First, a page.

Nearly all mussels require a host or hosts during the parasitic larval portion of their life cycle. Hosts are usually fish, but a few exceptional species utilize amphibians as hosts (Van Snik Gray et al., 2002; Howard, 1915) or may metamorphose without a host (Allen, 1924; Barfield et al., 1998; Lefevre and Curtis, 1911; 1912). Haag and Warren (1998) found that densities of host generalist mussels (using a variety of hosts from many different families) and displaying host specialists (using a small number of hosts usually in the same family but mussel females have behavioral modifications to attract hosts to the gravid female) were independent of the densities of their hosts. Densities of non-displaying host specialist mussels (using a small number of hosts usually in the same family but without host-attracting behavior) were correlated positively with densities of their hosts. Upstream dispersal of host fish for non-displaying host specialist mussels could, theoretically, transport mussel larvae (glochidia) over long distances through unsuitable habitat, but it is unlikely that this occurs very often. D. Strayer (personal communication) suggested a distance of at least 10 km, but a greater distance between occurrences may be necessary to constitute genetic separation of populations. As such, separation distance is based on a set, though arbitrary, distance between two known points of occurrence.

Date: 18Oct2004
Author: Cordeiro, J.
Notes: Contact Jay Cordeiro (jay_cordeiro@natureserve.org) for a complete list of freshwater mussel taxa sorted by flow regime.
Population/Occurrence Viability
Help
U.S. Invasive Species Impact Rank (I-Rank) Not yet assessed
Help
Authors/Contributors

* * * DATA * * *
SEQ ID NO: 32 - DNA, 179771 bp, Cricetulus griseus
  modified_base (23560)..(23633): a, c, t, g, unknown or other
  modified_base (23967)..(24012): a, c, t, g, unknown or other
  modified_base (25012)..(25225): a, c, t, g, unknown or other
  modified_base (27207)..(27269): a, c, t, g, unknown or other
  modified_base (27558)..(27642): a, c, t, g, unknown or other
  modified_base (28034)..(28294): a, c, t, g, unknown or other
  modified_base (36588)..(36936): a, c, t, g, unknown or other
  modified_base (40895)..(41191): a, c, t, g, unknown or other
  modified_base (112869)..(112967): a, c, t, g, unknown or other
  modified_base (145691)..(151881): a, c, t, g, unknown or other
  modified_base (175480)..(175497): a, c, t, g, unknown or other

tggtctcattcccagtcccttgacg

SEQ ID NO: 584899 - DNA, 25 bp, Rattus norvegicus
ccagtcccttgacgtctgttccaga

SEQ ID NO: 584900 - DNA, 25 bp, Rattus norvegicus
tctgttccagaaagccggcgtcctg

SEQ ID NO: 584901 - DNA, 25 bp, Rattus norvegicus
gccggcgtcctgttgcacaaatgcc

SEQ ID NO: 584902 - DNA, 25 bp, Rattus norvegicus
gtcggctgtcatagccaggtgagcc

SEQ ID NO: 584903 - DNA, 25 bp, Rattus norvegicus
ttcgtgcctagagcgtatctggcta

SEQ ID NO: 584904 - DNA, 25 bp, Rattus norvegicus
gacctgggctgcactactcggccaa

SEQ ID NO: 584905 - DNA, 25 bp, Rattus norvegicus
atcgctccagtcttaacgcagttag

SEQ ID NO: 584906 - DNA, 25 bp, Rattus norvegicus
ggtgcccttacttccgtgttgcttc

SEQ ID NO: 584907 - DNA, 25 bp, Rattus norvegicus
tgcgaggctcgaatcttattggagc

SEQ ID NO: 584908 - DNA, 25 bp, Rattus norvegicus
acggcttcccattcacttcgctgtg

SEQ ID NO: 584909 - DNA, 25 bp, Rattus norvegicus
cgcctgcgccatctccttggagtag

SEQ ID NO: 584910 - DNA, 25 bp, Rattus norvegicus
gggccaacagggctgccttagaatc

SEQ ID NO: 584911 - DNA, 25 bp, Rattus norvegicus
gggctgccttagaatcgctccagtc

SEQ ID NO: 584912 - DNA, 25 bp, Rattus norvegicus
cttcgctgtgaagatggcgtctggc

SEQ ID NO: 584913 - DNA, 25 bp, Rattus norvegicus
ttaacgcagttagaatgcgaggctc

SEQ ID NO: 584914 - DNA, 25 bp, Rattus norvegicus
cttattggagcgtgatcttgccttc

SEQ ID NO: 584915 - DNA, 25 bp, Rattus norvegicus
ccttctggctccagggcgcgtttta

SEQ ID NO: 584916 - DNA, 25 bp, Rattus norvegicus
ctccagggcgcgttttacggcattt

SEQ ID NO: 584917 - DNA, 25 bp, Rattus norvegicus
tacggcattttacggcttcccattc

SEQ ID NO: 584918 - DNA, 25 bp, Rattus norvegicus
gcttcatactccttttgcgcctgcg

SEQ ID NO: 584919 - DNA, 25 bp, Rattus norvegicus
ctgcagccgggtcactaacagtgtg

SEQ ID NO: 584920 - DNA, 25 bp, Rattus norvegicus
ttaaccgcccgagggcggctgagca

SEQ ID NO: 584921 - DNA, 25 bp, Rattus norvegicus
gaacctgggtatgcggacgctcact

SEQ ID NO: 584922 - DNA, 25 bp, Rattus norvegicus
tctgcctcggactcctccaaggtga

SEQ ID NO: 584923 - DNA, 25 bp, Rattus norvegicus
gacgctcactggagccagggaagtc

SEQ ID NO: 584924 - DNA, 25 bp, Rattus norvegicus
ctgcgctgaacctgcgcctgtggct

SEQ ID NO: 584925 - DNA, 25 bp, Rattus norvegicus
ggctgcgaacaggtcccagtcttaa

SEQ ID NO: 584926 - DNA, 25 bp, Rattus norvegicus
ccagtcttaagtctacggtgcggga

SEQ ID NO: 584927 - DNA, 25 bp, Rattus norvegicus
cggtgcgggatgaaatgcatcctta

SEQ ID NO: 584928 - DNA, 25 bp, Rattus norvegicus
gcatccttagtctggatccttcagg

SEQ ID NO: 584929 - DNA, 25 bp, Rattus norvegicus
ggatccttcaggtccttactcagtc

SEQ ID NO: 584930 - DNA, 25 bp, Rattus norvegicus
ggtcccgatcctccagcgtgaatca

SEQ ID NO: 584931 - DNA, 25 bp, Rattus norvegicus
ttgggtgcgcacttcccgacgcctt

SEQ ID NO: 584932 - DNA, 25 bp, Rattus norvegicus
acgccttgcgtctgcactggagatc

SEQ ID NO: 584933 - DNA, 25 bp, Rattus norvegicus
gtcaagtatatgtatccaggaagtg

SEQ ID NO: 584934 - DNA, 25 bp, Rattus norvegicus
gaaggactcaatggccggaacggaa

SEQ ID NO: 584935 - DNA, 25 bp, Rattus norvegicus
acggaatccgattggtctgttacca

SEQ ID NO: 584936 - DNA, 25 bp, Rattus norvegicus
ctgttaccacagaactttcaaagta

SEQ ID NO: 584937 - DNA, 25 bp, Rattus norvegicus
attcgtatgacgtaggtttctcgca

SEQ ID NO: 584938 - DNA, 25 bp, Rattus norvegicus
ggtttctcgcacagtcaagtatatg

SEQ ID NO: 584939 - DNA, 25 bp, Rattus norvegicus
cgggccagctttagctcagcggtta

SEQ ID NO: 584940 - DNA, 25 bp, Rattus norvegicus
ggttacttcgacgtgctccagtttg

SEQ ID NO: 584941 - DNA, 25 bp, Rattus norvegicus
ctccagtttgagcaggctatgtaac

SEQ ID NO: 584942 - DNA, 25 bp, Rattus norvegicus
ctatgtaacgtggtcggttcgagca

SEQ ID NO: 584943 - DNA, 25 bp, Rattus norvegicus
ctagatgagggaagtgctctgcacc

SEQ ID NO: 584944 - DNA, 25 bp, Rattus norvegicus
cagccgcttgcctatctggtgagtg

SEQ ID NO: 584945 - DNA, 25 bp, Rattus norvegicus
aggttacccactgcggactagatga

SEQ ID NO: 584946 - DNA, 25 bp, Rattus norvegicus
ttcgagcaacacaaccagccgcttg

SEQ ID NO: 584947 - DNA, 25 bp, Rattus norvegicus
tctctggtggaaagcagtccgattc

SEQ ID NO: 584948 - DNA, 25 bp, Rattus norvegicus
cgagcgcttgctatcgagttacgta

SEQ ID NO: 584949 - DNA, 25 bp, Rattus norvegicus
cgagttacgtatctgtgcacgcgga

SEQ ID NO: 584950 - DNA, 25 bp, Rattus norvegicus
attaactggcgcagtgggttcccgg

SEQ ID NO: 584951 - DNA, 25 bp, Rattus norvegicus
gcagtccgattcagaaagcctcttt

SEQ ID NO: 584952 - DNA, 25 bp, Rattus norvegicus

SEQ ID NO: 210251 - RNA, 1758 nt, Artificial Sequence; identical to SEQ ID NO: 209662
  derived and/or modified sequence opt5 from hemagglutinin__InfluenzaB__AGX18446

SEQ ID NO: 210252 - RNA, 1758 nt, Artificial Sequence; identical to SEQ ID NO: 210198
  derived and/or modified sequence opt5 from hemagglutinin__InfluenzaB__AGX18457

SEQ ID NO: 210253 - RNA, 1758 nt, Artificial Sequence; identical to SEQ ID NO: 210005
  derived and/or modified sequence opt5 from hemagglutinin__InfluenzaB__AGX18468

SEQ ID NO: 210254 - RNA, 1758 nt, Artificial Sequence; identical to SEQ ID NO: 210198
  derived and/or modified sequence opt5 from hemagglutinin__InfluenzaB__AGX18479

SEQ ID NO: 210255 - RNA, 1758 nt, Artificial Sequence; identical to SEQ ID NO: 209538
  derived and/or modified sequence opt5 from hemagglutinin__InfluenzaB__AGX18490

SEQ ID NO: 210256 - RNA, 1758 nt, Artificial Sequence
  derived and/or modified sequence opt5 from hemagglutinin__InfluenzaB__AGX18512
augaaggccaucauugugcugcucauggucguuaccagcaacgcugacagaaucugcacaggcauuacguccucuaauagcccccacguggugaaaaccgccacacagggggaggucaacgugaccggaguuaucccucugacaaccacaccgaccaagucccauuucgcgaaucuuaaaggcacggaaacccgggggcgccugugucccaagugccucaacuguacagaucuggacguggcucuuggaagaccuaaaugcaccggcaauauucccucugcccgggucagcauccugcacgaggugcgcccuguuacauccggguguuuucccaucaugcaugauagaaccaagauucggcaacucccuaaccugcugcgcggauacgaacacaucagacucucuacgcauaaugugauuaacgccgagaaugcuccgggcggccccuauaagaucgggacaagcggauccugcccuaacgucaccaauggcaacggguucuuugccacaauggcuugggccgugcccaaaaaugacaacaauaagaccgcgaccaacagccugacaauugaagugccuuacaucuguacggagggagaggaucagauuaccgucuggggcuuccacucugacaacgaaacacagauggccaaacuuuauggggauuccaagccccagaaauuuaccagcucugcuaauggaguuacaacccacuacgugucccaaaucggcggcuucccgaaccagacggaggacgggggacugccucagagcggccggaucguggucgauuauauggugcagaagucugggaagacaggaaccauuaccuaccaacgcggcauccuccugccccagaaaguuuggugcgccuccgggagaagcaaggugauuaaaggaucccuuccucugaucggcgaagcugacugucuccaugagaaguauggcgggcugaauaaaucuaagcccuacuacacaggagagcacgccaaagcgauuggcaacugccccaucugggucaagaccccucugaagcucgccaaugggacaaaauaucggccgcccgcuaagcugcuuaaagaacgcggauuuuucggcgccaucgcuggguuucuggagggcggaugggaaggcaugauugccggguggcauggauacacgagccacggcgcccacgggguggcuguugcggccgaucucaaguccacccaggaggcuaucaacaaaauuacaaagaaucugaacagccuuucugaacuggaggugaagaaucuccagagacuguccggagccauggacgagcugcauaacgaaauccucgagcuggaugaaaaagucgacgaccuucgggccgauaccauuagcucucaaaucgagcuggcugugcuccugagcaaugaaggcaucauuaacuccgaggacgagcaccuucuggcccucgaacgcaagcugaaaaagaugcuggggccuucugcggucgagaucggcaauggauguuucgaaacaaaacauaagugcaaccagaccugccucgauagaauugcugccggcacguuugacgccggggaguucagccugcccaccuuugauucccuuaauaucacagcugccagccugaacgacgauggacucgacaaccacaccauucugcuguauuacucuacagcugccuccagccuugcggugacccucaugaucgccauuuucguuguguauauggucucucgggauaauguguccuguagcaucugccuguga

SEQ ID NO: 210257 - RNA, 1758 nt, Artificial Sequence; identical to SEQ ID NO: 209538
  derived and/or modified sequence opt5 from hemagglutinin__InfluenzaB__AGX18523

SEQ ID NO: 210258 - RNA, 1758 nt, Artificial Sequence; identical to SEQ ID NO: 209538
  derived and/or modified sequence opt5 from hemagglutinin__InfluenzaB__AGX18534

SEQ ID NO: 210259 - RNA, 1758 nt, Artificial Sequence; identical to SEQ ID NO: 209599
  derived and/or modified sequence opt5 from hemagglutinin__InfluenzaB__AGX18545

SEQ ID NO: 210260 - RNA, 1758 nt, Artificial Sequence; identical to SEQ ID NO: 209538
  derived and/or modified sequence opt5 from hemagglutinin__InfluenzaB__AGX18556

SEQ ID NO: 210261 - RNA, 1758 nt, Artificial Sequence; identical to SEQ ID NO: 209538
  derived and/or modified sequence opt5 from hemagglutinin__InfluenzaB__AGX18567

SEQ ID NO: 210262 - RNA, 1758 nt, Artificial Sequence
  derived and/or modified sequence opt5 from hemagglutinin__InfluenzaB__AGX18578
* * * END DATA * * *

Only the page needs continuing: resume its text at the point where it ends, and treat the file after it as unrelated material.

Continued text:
Help
NatureServe Conservation Status Factors Edition Date: 21May2009
NatureServe Conservation Status Factors Author: Cordeiro, J.
Element Ecology & Life History Edition Date: 23Apr2007
Element Ecology & Life History Author(s): Cordeiro, J.

Zoological data developed by NatureServe and its network of natural heritage programs (see Local Programs) and other contributors and cooperators (see Sources).

References
Help
  • Branson, B.A. 1966a. A partial biological survey of the Spring River drainage in Kansas, Oklahoma and Missouri. Part I, collecting sites, basic limnological data, and mollusks. Transactions of the Kansas Academy of Science 69(3/4): 242-293.

  • COKER, R.E. AND J.B. SOUTHALL. 1915. MUSSEL RESOURCES IN TRIBUTARIES OF THE UPPER MISSOURI RIVER. BUREAU OF FISHERIES DOCUMENT NO. 812. WASHINGTON GOVERNMENT PRINTING OFFICE.

  • COSSARO. 2013. Ontario Species at Risk Evaluation Report for Lilliput (Toxolasma parvum). June 2013 (final). 15pp.

  • Christian, A.D. 1995. Analysis of the commercial mussel beds in the Cache and White Rivers in Arkansas. M.S. Thesis, Arkansas State University. 210 pp.

  • Christian, A.D., J.L. Harris, W.R. Posey, J.F. Hockmuth, and G.L. Harp. 2005. Freshwater mussel (Bivalvia: Unionidae) assemblages of the lower Cache River, Arkansas. Southeastern Naturalist, 4(3): 487-512.

  • Clarke, A.H. and C.O. Berg. 1959. The freshwater mussels of central New York. Cornell University Agricultural Experiment Station Memoir 367.

  • Combes, M. and D. Edds. 2005. Mussel assemblages upstream from three Kansas reservoirs. Journal of Freshwater Ecology, 20(1): 139-148.

  • Cummings, K.S. and J.M. Berlocher. 1990. The naiades or freshwater mussels (Bivalvia: Unionidae) of the Tippecanoe River, Indiana. Malacological Review 23:83-98.

  • Darden, R.I., T.L. Darden, and B.R. Kreiser. 2002. Mussel fauna of the Strong River, Mississippi. Journal of Freshwater Ecology, 17(4): 651-653.

  • FREST, TERRENCE J. 1987. MUSSEL SURVEY OF SELECTED INTERIOR IOWA STREAMS. REPORT TO US FISH AND WILDLIFE SERVICE AND IOWA DEPT. OF NATURAL RESOURCES.

  • Fisher, B.E. 2006. Current status of freshwater mussels (Order Unionoida) in the Wabash River drainage of Indiana. Proceedings of the Indiana Academy of Science, 115(2): 103-109.